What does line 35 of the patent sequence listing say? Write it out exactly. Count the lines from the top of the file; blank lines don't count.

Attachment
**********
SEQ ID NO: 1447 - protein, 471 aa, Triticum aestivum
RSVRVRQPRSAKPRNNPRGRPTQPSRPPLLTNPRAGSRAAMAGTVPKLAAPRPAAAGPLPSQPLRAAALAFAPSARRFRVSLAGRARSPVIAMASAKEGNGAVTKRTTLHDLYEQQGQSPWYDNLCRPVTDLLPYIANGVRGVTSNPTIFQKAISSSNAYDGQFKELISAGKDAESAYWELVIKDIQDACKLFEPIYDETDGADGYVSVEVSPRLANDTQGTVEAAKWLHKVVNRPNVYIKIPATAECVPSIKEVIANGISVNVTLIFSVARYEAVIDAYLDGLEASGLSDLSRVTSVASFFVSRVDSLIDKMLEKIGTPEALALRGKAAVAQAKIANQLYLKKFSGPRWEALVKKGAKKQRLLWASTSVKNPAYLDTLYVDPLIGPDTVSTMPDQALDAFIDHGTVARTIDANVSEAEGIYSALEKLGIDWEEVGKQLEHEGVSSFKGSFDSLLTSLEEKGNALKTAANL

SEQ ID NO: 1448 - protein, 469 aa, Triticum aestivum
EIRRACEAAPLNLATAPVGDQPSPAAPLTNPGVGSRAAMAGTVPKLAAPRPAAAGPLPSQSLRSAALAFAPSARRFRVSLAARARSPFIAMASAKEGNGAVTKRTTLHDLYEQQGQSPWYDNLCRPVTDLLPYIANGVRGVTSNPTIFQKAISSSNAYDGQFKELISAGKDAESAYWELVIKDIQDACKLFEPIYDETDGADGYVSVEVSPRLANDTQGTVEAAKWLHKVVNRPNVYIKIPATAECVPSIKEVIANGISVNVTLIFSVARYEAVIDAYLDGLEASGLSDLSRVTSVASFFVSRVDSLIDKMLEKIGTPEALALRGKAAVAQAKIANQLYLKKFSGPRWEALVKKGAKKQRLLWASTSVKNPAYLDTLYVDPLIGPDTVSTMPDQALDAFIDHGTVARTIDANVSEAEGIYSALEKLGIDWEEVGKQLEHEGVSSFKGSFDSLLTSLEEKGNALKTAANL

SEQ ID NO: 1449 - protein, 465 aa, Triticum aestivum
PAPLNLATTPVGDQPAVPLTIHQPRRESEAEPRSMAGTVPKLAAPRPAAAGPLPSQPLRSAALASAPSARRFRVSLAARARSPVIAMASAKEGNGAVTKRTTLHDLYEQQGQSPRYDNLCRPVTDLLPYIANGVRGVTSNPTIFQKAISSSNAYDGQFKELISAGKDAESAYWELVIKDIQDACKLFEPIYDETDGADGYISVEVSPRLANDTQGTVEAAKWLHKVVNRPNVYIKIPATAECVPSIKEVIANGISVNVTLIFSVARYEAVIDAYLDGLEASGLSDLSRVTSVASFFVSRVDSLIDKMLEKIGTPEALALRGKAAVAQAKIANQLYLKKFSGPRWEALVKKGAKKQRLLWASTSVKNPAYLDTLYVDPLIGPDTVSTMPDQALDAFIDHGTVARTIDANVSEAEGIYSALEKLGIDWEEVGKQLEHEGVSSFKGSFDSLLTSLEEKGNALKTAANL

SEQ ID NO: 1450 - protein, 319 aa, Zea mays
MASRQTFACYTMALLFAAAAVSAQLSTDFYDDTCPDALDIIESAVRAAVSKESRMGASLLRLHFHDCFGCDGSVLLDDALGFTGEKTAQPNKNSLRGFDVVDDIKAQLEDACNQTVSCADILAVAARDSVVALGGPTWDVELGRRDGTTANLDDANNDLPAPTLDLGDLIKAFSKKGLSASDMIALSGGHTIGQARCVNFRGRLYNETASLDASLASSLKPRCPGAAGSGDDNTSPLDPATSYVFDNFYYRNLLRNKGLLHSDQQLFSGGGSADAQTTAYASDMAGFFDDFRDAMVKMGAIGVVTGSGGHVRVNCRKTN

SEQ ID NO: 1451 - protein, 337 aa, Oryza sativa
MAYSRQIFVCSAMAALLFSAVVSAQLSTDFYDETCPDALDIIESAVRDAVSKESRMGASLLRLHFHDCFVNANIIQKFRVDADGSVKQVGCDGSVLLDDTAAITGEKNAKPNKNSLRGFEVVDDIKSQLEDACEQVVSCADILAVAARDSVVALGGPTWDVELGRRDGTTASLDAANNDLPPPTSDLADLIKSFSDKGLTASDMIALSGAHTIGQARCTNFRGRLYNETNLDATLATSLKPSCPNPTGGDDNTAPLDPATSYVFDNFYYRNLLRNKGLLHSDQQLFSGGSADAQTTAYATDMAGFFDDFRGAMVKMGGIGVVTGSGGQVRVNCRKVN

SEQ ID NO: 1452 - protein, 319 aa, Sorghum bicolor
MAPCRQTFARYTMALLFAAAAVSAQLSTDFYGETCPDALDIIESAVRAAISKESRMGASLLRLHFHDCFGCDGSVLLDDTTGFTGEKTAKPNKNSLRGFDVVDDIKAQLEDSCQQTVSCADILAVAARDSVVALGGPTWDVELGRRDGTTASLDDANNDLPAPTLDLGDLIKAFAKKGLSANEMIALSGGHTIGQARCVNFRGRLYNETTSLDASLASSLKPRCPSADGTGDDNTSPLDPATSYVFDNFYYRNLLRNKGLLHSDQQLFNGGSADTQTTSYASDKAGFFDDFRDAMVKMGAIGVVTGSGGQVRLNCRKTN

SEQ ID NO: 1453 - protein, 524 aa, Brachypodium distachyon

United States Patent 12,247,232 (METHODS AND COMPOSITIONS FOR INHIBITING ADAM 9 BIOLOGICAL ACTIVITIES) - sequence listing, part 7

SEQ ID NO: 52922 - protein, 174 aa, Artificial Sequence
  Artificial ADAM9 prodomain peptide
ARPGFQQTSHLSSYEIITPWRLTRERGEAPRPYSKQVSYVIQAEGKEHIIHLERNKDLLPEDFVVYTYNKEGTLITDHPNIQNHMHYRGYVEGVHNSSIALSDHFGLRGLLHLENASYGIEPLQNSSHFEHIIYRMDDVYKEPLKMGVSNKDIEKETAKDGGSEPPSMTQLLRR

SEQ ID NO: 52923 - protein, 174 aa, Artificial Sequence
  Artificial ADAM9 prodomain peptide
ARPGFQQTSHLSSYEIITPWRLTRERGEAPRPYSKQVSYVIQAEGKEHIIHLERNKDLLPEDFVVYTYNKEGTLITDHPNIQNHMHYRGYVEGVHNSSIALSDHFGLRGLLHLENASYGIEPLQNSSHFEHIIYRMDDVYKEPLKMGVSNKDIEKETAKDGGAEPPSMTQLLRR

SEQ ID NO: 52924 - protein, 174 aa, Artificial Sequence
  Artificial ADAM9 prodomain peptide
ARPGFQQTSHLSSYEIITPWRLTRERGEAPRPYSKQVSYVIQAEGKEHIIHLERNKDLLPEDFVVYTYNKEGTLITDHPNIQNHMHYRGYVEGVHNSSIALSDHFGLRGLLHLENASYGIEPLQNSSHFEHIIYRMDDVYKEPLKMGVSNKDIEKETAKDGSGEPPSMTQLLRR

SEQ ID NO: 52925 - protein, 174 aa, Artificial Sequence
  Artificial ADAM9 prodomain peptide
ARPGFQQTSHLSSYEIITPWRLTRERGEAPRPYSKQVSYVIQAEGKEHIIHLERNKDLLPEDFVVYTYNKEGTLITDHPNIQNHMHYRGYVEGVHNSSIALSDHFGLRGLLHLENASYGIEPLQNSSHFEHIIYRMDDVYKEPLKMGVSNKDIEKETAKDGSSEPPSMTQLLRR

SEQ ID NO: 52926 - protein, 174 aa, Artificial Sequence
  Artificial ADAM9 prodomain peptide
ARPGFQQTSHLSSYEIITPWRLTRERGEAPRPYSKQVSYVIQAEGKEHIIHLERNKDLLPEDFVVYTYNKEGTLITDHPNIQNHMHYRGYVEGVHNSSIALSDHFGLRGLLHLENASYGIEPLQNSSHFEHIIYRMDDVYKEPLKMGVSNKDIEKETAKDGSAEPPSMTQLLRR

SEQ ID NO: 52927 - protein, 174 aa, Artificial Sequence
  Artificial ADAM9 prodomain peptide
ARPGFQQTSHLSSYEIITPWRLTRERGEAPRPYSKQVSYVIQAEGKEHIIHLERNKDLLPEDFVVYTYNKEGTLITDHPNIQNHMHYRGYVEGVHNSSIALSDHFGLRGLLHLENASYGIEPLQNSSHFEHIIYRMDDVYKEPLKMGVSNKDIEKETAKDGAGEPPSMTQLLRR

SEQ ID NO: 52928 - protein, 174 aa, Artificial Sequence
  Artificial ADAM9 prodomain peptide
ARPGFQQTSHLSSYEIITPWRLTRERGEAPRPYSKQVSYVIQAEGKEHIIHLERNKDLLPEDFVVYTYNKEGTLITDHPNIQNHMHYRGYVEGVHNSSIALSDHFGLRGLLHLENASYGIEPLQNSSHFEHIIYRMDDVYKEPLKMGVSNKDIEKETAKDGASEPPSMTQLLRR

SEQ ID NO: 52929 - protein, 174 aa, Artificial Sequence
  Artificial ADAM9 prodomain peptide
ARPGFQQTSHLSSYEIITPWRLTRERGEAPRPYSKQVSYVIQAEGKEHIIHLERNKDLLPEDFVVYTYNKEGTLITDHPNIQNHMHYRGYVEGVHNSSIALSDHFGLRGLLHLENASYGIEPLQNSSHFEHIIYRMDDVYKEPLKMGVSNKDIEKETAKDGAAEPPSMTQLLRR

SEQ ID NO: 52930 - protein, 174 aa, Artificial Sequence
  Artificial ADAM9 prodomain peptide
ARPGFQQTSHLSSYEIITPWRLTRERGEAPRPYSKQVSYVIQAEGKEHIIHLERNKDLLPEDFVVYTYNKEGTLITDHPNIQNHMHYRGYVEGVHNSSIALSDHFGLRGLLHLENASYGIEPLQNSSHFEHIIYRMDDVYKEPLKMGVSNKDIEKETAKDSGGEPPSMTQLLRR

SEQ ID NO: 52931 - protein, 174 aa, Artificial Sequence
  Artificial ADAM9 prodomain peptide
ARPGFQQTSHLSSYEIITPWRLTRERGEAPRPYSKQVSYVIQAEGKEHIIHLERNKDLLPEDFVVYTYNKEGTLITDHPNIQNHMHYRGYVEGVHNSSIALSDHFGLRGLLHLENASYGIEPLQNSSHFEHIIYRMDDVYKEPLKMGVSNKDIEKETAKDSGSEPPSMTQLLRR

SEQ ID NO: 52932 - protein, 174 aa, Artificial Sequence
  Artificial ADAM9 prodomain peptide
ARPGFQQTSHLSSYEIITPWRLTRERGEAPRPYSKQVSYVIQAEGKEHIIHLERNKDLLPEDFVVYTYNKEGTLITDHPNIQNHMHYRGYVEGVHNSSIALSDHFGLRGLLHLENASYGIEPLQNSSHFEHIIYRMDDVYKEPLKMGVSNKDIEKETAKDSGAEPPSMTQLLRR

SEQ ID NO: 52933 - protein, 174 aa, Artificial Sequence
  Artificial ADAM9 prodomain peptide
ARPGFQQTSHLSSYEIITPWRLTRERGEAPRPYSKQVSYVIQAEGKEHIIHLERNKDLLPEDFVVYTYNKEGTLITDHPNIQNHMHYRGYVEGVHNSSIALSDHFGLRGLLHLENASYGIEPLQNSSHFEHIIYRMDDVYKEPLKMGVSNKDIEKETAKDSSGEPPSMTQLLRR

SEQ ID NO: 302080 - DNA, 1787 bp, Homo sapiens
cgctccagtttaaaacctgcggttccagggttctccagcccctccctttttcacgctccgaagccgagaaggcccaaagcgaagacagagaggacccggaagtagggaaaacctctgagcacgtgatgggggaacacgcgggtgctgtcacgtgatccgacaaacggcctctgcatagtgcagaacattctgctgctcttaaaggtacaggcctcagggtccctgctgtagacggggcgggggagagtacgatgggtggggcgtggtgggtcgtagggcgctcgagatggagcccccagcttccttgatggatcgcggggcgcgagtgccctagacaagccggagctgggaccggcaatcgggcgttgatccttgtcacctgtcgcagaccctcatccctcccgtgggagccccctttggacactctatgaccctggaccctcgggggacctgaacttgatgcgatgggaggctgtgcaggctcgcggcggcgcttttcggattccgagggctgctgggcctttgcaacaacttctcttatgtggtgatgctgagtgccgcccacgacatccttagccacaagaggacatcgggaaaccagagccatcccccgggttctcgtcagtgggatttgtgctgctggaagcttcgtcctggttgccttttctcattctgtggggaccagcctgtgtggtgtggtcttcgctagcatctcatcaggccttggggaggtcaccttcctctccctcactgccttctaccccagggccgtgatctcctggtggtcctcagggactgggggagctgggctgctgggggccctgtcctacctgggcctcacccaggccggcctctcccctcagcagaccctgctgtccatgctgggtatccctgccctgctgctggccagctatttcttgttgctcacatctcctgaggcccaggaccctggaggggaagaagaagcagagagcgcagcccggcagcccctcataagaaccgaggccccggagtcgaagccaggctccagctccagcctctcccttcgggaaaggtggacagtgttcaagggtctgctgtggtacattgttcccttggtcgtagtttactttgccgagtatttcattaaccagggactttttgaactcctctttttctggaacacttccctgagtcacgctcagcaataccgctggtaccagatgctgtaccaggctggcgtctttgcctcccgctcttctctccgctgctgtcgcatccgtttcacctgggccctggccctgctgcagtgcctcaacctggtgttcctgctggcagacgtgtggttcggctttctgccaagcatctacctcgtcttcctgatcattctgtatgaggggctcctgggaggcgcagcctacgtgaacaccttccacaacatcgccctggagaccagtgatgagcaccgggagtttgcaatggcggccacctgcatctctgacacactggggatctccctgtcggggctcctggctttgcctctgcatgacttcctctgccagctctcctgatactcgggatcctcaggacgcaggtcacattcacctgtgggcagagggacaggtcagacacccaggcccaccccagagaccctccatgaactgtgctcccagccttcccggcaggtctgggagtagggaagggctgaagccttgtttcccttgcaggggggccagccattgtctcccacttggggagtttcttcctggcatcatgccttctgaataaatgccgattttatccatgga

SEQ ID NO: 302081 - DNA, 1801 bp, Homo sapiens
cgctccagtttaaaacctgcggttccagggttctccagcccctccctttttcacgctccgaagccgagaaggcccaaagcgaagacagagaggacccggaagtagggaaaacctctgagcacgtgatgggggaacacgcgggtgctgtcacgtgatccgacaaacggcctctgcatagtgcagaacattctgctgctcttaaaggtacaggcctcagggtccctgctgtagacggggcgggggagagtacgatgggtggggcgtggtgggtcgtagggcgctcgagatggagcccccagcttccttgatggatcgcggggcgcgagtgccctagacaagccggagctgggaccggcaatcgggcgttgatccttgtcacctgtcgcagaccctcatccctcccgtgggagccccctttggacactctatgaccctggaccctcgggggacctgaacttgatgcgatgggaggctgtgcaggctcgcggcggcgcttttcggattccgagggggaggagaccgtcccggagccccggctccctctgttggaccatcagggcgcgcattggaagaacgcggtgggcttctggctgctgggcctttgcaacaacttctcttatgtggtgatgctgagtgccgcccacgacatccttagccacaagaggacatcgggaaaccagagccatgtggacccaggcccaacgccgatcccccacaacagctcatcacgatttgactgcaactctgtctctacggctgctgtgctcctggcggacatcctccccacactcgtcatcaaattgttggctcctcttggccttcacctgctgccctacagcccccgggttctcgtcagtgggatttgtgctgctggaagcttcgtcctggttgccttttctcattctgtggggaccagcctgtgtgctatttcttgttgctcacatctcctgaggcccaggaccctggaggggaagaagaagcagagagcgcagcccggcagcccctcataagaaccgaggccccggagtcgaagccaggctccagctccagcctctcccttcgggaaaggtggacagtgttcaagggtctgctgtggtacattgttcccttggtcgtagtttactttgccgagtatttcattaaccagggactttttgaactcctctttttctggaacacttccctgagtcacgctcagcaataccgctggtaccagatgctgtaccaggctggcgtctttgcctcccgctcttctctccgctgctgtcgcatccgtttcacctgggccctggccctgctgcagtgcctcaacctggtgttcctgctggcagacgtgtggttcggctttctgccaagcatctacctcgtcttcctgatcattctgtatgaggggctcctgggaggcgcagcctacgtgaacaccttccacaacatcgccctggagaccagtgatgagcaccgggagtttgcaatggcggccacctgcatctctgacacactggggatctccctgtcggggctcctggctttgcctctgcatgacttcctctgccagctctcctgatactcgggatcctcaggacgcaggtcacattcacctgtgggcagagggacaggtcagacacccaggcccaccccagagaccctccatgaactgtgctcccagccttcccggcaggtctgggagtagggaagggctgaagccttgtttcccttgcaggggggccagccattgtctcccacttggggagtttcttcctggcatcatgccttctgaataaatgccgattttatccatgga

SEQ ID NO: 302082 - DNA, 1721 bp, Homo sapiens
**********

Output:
ARPGFQQTSHLSSYEIITPWRLTRERGEAPRPYSKQVSYVIQAEGKEHIIHLERNKDLLPEDFVVYTYNKEGTLITDHPNIQNHMHYRGYVEGVHNSSIALSDHFGLRGLLHLENASYGIEPLQNSSHFEHIIYRMDDVYKEPLKMGVSNKDIEKETAKDGASEPPSMTQLLRR